Let us now discuss the most recent action in the U.S. stock market using the Dow Theory.  Following is the most recent action of the Dow Industrials vs. the Dow Transports, as shown in the following chart from January 2008 to the present:

For the week ending July 1, 2011, the Dow Industrials rose 539.21 points, while the Dow Transports rose 289.33 points, or a whopping 5.5%.  While the Dow Transports made an all-time high, this was not confirmed by the Dow Industrials.  Moreover, the market is now highly overbought—thus, I urge subscribers to remain cautious.  Given the combination of weak technical and liquidity conditions, the market action should remain tough this summer. We remain neutral in our DJIA Timing System as we take a wait-and-see approach.

I will now continue our commentary with a quick discussion of our popular sentiment indicators – those being the bulls-bears percentages of the American Association of Individual Investors (AAII), the Investors Intelligence, and the Market Vane's Bullish Consensus Surveys.  The four-week moving average of these sentiment indicators decreased from a reading of 4.4% to 3.5% for the week ending July 1, 2011.  Following is a weekly chart showing the four-week moving average of the Market Vane, AAII, and the Investors Intelligence Survey Bulls-Bears% Differentials from January 1999 to the present:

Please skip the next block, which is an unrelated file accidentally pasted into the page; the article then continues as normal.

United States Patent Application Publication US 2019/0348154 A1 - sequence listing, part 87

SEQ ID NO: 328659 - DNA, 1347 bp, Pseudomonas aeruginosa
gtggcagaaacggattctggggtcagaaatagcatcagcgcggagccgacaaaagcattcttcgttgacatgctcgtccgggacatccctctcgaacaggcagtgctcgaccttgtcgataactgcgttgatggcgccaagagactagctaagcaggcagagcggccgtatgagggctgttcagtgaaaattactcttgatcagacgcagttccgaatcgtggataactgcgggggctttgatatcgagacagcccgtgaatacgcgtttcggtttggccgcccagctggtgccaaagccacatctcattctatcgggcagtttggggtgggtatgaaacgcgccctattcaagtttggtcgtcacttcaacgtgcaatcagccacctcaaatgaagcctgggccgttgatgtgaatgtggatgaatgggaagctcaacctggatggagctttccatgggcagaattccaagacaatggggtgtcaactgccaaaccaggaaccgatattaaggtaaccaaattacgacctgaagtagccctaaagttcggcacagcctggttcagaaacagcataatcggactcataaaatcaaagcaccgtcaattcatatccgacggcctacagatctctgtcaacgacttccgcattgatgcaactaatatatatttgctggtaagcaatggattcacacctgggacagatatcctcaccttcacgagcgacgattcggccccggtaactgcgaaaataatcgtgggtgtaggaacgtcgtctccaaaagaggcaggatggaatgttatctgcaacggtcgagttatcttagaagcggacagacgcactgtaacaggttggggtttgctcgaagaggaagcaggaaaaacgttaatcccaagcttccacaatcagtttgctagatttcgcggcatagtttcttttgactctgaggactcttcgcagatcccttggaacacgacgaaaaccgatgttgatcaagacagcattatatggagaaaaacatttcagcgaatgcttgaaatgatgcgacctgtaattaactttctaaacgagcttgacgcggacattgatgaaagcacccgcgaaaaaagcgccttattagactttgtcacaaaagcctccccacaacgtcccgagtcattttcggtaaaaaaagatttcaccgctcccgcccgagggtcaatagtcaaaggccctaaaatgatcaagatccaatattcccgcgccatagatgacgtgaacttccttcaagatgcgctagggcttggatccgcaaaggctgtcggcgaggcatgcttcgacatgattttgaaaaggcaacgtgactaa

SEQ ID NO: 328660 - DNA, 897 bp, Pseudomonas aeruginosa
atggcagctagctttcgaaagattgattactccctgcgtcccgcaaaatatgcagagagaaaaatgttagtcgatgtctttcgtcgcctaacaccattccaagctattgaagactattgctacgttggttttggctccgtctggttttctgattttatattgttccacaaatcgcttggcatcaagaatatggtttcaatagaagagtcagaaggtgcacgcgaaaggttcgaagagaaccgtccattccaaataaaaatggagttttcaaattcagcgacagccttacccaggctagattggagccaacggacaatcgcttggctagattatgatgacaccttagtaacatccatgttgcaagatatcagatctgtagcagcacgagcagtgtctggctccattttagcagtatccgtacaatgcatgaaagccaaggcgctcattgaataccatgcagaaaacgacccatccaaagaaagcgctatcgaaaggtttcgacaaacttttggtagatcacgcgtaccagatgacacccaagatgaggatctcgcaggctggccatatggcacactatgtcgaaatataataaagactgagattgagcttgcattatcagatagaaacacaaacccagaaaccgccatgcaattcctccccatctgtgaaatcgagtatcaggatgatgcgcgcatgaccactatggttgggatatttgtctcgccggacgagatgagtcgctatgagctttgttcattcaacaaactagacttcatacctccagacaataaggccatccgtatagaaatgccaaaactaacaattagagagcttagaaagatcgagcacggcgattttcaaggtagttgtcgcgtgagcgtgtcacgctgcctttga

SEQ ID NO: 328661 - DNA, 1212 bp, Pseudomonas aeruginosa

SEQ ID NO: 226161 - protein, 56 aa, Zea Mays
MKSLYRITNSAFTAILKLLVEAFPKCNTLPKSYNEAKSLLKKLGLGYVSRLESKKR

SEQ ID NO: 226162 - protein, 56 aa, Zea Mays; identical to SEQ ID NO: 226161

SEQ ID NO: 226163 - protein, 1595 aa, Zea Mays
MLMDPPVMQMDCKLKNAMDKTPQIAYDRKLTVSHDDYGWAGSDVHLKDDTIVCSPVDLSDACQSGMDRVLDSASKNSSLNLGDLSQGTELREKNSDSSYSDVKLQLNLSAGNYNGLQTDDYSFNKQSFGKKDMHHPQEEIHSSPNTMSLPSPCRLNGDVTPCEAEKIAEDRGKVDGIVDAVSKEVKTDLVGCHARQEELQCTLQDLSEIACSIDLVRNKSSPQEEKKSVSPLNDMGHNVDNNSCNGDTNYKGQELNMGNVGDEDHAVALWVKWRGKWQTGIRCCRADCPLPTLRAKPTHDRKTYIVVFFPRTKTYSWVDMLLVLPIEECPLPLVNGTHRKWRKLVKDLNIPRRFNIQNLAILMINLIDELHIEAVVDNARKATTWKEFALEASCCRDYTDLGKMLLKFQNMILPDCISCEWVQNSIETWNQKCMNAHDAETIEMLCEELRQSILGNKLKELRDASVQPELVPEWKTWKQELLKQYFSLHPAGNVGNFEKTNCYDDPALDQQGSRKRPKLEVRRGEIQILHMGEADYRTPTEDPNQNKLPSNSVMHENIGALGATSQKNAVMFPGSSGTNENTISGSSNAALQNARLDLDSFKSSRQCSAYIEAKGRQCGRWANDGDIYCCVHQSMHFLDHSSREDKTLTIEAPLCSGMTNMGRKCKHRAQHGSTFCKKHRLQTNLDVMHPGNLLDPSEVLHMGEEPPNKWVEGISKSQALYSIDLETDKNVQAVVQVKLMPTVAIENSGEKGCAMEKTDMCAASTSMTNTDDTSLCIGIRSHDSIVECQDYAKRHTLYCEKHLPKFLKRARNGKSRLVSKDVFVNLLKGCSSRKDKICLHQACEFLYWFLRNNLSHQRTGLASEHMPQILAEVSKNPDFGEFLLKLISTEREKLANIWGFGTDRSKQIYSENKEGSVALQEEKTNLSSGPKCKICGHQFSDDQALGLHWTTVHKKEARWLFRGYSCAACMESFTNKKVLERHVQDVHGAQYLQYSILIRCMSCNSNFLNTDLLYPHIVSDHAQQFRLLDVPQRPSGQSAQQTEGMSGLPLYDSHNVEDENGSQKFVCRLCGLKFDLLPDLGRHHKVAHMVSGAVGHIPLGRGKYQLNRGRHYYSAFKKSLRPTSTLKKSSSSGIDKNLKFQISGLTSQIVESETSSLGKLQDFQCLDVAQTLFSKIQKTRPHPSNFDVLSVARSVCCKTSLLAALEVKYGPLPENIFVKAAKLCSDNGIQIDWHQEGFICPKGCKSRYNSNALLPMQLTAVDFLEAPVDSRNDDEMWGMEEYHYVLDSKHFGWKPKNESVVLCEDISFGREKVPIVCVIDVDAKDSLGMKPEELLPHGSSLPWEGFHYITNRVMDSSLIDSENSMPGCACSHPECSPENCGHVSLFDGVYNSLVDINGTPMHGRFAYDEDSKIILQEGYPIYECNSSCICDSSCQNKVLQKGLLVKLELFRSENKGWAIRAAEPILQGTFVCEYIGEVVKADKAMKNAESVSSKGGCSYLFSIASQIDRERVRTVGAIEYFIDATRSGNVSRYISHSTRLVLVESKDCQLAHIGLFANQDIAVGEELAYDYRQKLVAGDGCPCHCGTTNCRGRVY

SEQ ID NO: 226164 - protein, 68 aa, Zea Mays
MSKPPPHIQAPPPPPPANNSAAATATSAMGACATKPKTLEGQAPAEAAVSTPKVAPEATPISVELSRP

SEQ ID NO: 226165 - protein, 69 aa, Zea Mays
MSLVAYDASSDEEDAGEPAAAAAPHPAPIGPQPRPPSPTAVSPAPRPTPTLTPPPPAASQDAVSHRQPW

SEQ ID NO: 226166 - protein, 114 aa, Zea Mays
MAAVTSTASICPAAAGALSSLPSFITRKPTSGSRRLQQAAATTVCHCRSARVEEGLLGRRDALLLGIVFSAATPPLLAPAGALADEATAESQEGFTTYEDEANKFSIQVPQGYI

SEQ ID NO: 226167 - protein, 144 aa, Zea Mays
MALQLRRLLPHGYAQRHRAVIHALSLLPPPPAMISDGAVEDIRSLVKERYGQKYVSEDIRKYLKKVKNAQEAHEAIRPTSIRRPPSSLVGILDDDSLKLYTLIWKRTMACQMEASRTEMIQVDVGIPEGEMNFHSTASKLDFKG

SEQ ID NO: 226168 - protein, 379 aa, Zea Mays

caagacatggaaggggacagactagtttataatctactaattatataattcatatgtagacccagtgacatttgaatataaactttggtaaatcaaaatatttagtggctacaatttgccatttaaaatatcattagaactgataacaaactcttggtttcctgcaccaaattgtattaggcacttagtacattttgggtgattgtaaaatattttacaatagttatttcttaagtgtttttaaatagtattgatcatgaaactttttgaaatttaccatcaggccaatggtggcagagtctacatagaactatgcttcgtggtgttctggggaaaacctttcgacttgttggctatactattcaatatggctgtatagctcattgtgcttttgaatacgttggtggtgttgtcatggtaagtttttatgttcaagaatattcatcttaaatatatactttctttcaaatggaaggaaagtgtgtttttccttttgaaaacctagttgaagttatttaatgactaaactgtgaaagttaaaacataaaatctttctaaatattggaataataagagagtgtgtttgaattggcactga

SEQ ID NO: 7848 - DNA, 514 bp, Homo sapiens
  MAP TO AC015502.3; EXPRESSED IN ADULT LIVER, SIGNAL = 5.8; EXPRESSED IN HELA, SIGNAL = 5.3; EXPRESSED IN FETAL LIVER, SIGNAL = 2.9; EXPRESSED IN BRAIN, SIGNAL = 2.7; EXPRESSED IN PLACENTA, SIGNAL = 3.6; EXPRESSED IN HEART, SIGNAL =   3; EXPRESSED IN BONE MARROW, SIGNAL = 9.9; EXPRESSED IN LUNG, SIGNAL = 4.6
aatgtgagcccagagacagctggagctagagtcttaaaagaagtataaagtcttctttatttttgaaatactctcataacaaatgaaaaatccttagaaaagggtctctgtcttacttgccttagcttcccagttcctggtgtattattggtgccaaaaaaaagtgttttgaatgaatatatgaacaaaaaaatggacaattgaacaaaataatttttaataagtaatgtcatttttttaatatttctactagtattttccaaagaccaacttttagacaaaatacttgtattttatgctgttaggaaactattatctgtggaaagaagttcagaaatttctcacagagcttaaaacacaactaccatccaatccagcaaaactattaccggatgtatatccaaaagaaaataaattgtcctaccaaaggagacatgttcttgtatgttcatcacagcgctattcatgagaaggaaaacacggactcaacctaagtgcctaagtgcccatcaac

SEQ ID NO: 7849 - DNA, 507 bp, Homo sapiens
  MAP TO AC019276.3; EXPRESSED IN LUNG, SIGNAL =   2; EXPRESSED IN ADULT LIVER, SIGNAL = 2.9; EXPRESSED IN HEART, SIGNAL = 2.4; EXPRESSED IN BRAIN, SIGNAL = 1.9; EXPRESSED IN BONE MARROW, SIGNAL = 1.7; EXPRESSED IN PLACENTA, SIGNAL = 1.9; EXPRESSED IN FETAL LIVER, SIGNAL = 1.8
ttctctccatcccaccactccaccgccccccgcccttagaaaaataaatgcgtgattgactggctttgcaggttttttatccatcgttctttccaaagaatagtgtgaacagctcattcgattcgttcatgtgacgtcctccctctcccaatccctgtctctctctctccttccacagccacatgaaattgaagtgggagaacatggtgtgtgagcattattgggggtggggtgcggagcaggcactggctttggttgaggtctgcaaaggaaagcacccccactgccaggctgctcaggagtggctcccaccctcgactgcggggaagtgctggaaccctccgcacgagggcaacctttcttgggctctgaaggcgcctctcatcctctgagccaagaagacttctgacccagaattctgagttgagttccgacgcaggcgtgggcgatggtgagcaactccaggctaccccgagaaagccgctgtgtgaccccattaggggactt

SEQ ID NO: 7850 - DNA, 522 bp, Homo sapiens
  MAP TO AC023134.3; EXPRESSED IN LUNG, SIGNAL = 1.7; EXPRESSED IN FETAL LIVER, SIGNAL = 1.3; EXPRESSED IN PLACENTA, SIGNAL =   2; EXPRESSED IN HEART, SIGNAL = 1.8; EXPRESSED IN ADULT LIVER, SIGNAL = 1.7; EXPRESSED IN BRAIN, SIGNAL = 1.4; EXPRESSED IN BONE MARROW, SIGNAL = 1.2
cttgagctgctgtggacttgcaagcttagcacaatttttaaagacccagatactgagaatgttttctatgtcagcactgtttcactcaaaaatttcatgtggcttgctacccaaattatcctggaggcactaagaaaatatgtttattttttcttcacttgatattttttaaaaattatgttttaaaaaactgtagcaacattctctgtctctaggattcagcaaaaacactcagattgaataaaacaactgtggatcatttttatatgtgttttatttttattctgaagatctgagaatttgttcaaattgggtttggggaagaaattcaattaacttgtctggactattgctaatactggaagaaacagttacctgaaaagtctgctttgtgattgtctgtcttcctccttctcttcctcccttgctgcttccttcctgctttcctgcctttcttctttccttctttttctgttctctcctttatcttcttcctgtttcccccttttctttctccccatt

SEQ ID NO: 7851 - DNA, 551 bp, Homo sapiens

After peaking at 30.8% (its highest reading since late February 2007) in late January, the four-week MA declined to 3.5% last week—near its most oversold level since mid-September last year. Despite this oversold condition, it still isn't as oversold as it was during last summer's correction.  We will retain our neutral position in our DJIA Timing System, as we believe the market should remain tough this summer.

I will now close out our commentary by discussing the latest readings of the ISE Sentiment Index.  For newer subscribers, I want to provide an explanation of ISE Sentiment Index and why it has turned out to be (and should continue to be) a useful sentiment indicator.  Quoting the International Securities Exchange website: The ISE Sentiment Index (ISEE) is designed to show how investors view stock prices. The ISEE only measures opening long customer transactions on ISE. Transactions made by market makers and firms are not included in ISEE because they are not considered representative of market sentiment due to the often specialized nature of those transactions. Customer transactions, meanwhile, are often thought to best represent market sentiment because customers, which include individual investors, often buy call and put options to express their sentiment toward a particular stock.